Slow Cooked Lamb Shanks with baby veg, Spring cabbage and Champ- Borough Market Commission

The Borough Market team have recently commissioned me to write and produce an Easter blog post and recipe inspired by Easter produce at the market. If you'd like to see the original, follow the links below:


Easter Parade Blog post:

Serves 6

Lamb shanks are surely one of the simplest things to cook; it’s very hard to go wrong and near impossible to over cook them. I don’t think I've ever met a meat eater who doesn't like a lamb shank. I've actually heard children refer to them as ‘those yummy lamb lollipops’ which is about right actually, as they are sweet, sticky and delicious when cooked for a nice long time.
Ask one of the Market’s butchers to French trim the shanks if you like - this just makes them look a little daintier if it’s a special occasion. You can make the lamb and champ in advance and just re-heat on the day. Like most slow-cooked recipes, it just gets better with age as the juices permeate the meat, giving it more flavour.

6 lamb shanks
2 tbsp flour
3 onions, chopped finely
3 cloves garlic, peeled and smashed
Bunch of baby carrots, scrubbed.
Bunch of baby leeks, washed
3 sticks celery, washed and chopped
500ml chicken or lamb stock
500ml dry white wine
2 bay leaves
5 sprigs thyme, washed
1 handful of parsley, washed and chopped
Freshly ground salt and pepper

1.5 kg Maris Piper potatoes, peeled and cut into chunks
85g butter
300ml milk
Large bunch of spring onions, finely chopped

Spring cabbage:
1 large spring cabbage, washed and broken into leaves
Zest of 1 lemon
Juice of half a lemon
2 tbsp olive oil

Mint sauce:
Big bunch of mint, washed and finely chopped
8 tbsp white wine vinegar
8 tbsp hot water
2 tbsp light brown sugar


Preheat the oven to 160C. Season the lamb shanks generously with salt and pepper and dust with the flour.

Add a glug of olive oil to a large oven-proof saucepan over a medium-high heat. When it’s hot, add your lamb shanks in batches - two or three at a time to avoid over-crowding the pan.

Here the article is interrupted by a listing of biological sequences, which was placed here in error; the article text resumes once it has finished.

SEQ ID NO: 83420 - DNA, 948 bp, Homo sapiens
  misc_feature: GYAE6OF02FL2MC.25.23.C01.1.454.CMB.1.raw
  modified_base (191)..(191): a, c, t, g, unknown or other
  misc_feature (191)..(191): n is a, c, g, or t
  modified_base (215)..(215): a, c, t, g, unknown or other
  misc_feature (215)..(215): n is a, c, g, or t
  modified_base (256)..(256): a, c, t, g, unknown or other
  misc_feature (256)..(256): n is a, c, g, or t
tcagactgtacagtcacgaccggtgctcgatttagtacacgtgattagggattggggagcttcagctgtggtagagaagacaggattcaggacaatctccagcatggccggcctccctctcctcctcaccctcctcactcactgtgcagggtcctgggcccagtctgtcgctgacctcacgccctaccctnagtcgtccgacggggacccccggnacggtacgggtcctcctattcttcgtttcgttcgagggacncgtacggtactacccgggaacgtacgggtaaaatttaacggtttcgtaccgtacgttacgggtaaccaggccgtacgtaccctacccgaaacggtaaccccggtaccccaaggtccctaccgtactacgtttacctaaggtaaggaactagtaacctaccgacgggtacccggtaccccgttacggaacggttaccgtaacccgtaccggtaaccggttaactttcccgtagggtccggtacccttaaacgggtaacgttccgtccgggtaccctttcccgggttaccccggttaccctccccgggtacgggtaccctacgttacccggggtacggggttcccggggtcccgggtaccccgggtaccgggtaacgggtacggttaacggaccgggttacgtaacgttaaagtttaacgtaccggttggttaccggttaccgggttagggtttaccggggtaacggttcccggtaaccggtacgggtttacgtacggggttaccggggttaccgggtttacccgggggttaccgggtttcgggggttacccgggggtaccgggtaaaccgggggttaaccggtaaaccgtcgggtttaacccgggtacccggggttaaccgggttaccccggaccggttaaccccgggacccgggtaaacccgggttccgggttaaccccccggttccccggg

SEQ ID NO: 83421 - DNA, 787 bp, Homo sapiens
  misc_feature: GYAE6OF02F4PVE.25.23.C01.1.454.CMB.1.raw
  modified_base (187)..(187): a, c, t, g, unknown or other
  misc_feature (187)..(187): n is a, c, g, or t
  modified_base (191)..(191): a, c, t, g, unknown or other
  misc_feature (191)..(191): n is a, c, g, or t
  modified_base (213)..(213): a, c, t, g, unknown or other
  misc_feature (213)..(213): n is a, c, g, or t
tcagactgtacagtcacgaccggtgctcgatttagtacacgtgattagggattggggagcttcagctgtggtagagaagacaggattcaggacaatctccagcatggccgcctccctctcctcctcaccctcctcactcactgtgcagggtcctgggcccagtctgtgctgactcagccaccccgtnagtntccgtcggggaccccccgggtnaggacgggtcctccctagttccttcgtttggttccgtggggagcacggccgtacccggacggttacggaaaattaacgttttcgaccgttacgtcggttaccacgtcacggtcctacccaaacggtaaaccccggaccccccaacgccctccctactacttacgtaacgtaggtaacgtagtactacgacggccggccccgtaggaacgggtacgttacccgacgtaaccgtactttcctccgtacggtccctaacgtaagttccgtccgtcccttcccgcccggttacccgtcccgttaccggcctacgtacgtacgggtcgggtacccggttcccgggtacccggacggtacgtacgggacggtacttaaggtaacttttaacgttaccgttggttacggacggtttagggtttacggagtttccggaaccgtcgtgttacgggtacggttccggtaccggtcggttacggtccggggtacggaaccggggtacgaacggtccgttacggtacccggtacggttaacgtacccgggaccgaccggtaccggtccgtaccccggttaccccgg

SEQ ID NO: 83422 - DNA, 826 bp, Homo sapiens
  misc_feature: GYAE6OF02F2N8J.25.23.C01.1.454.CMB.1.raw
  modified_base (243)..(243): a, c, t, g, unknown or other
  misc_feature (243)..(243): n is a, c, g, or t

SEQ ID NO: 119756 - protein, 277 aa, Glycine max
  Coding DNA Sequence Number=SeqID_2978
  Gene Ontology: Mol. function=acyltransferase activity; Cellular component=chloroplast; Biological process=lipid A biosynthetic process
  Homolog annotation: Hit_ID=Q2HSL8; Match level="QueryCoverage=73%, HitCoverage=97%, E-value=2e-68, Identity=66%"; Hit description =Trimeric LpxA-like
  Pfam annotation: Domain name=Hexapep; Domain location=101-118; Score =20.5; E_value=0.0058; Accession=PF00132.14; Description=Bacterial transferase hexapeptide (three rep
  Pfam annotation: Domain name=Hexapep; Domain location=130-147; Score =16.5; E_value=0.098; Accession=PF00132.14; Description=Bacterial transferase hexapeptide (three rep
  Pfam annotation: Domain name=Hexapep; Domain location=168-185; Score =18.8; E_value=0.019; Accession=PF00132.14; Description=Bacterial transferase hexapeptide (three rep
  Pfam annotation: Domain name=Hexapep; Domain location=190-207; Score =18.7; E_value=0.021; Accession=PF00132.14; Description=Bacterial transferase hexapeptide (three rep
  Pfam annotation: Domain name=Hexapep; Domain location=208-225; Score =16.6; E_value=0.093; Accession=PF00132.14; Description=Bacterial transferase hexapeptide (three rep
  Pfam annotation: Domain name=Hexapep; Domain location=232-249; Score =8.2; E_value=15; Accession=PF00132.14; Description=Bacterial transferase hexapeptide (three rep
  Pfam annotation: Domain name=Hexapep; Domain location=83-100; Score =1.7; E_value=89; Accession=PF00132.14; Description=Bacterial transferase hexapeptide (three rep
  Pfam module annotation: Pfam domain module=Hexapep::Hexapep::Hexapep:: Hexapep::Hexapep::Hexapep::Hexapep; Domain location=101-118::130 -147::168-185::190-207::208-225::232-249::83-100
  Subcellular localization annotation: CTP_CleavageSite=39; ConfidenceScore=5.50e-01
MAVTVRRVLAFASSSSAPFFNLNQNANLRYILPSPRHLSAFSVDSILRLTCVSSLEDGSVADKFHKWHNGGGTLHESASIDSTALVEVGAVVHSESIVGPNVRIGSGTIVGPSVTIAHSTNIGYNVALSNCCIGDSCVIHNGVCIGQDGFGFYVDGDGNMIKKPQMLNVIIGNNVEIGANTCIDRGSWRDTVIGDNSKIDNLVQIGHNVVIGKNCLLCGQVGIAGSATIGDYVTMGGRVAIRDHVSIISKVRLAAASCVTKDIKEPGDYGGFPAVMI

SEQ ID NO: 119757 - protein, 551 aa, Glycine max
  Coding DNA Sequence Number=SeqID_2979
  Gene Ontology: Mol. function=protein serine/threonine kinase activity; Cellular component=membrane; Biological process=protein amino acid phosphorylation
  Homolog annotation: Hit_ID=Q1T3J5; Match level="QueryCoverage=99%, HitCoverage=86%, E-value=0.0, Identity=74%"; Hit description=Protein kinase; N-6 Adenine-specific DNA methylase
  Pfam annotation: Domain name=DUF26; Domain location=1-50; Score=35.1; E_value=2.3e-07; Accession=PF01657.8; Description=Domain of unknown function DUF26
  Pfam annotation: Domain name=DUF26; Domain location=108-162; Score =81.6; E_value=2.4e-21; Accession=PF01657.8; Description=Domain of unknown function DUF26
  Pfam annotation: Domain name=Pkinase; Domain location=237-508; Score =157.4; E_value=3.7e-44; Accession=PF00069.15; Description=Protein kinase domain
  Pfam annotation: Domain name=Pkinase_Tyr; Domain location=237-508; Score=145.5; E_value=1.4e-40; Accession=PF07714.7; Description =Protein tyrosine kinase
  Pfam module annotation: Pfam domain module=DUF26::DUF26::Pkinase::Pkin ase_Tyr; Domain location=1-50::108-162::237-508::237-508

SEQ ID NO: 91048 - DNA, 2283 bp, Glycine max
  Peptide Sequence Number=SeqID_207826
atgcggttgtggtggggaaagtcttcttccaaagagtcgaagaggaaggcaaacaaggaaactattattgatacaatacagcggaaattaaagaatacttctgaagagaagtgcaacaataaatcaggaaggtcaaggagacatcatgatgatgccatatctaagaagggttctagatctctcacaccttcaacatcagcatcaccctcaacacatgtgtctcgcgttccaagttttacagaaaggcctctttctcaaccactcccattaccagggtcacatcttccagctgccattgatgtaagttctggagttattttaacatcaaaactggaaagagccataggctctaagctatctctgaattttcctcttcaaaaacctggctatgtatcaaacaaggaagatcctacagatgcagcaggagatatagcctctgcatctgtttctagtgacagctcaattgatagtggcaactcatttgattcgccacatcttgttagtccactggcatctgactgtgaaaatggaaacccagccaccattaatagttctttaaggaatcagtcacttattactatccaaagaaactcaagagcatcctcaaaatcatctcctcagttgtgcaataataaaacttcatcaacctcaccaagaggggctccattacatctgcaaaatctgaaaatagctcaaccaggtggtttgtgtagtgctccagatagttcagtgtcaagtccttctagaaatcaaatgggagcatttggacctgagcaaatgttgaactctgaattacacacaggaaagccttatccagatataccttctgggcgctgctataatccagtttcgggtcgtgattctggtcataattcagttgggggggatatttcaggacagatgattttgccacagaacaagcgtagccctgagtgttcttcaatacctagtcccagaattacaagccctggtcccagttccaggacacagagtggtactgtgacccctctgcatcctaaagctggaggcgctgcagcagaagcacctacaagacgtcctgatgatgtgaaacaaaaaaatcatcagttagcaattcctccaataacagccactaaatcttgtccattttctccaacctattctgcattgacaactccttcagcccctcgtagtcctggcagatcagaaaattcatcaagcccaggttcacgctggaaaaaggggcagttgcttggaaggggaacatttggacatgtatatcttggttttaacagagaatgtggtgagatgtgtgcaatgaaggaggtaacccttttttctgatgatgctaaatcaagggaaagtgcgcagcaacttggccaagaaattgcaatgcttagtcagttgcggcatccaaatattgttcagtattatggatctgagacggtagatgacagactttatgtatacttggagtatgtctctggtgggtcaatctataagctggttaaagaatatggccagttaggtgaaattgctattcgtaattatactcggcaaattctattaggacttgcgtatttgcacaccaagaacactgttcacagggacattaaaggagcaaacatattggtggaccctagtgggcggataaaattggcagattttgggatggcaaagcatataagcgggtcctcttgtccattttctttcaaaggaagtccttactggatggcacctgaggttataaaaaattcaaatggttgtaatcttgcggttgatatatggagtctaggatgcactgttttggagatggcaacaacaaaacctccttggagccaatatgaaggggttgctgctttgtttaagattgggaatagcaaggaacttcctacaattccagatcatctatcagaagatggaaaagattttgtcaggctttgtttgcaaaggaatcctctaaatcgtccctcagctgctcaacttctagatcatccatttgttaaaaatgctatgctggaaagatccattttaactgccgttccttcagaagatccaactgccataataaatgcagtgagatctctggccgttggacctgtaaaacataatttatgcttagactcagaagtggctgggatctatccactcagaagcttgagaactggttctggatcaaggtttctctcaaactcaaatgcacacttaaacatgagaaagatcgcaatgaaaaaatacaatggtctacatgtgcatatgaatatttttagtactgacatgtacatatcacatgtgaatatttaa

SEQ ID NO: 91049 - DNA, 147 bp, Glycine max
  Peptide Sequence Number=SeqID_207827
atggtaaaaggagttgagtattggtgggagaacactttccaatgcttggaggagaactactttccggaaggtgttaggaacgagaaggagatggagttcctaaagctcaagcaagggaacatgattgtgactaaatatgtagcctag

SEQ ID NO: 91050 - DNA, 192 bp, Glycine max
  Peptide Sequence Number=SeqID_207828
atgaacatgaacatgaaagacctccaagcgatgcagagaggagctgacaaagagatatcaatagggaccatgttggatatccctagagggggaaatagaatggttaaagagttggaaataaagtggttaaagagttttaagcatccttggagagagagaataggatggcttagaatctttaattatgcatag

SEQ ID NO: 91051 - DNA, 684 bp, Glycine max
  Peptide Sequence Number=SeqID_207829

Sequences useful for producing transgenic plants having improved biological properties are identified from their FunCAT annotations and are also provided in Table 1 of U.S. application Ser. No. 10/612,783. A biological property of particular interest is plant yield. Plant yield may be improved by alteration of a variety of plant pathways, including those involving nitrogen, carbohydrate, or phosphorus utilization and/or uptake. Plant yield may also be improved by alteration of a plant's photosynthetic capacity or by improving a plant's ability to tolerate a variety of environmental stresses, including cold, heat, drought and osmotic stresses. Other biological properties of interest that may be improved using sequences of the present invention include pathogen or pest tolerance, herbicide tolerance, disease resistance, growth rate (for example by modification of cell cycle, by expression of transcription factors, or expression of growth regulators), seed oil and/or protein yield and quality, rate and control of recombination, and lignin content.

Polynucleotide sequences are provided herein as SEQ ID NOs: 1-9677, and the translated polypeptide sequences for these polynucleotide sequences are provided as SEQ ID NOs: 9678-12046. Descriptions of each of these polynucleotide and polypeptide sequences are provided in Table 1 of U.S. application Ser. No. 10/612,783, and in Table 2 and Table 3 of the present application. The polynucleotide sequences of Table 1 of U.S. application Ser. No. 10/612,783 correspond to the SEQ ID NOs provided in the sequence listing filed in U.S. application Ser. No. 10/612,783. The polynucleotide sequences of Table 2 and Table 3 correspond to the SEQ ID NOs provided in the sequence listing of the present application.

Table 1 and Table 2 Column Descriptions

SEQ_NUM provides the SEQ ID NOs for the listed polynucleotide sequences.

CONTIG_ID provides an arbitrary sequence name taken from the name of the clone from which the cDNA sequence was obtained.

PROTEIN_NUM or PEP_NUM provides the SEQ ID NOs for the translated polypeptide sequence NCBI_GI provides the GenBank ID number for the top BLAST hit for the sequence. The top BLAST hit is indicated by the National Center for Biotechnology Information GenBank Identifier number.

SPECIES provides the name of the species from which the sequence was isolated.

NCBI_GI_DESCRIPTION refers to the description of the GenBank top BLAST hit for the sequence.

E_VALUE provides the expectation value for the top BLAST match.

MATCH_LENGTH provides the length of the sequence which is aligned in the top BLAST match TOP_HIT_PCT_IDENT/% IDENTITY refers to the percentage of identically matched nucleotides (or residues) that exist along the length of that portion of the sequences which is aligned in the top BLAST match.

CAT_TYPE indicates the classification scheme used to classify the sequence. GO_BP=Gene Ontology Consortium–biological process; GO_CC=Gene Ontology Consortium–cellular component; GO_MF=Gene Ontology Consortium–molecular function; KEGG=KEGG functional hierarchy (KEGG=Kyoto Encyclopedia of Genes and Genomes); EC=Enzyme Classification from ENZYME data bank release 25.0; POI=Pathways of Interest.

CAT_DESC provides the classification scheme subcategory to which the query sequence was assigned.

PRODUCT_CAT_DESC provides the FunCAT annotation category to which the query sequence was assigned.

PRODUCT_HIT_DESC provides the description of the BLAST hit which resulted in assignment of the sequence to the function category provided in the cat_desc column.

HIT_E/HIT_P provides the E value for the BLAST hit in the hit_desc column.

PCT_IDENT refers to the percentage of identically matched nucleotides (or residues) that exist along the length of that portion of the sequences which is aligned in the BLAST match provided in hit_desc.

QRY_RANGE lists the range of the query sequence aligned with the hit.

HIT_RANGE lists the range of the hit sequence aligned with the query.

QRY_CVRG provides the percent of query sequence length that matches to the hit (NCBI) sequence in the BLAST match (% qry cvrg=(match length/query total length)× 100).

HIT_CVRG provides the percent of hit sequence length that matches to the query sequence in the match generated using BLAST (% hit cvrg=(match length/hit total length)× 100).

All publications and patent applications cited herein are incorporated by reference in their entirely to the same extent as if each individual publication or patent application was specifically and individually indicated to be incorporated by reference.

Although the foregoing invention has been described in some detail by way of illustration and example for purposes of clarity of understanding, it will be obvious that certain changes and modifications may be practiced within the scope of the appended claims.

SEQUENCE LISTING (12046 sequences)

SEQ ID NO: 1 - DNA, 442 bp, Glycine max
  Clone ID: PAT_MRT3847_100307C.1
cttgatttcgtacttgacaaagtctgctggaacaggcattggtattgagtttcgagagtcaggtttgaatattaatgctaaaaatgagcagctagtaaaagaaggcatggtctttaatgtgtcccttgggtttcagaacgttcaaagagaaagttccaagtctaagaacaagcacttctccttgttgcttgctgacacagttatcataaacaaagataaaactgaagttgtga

Cook till golden brown on all sides. Transfer the lamb shanks to a bowl and leave to one side.

To the same saucepan, add your veg and stir. Cook for approximately 10-15 minutes, stirring to prevent any sticking, until it starts to soften. Pour in the stock and white wine, add the thyme and bay leaves and bring to the boil.

Return your lamb shanks to the pan, place the lid on and transfer to the oven. Cook for about 3 hours, turning the shanks every hour or so, until the meat is tender and can be easily pulled from the bone.

20 minutes before serving, remove the lamb shanks to a plate, cover with tinfoil, and leave to rest in a warm oven.

Return the saucepan to the hob over a medium heat. Add any seasoning needed to the sauce, and then add the parsley, reserving some for garnish right at the end.

Return the meat to the sauce and serve as it is or in a serving dish, with the parsley strewn over it.


Boil the potatoes in salted water till soft (15- 20 mins). Mash them with the butter, then stir the milk in gradually over a low-medium heat until you get the desired consistency. Add the spring onions and then season to taste.

Spring cabbage

Steam the cabbage until just tender, drain and place in a large bowl. Mix all the other ingredients in a jar along with salt and pepper, and pour over the hot cabbage. Toss through and serve.

Mint sauce

Mix all the ingredients in a bowl to taste.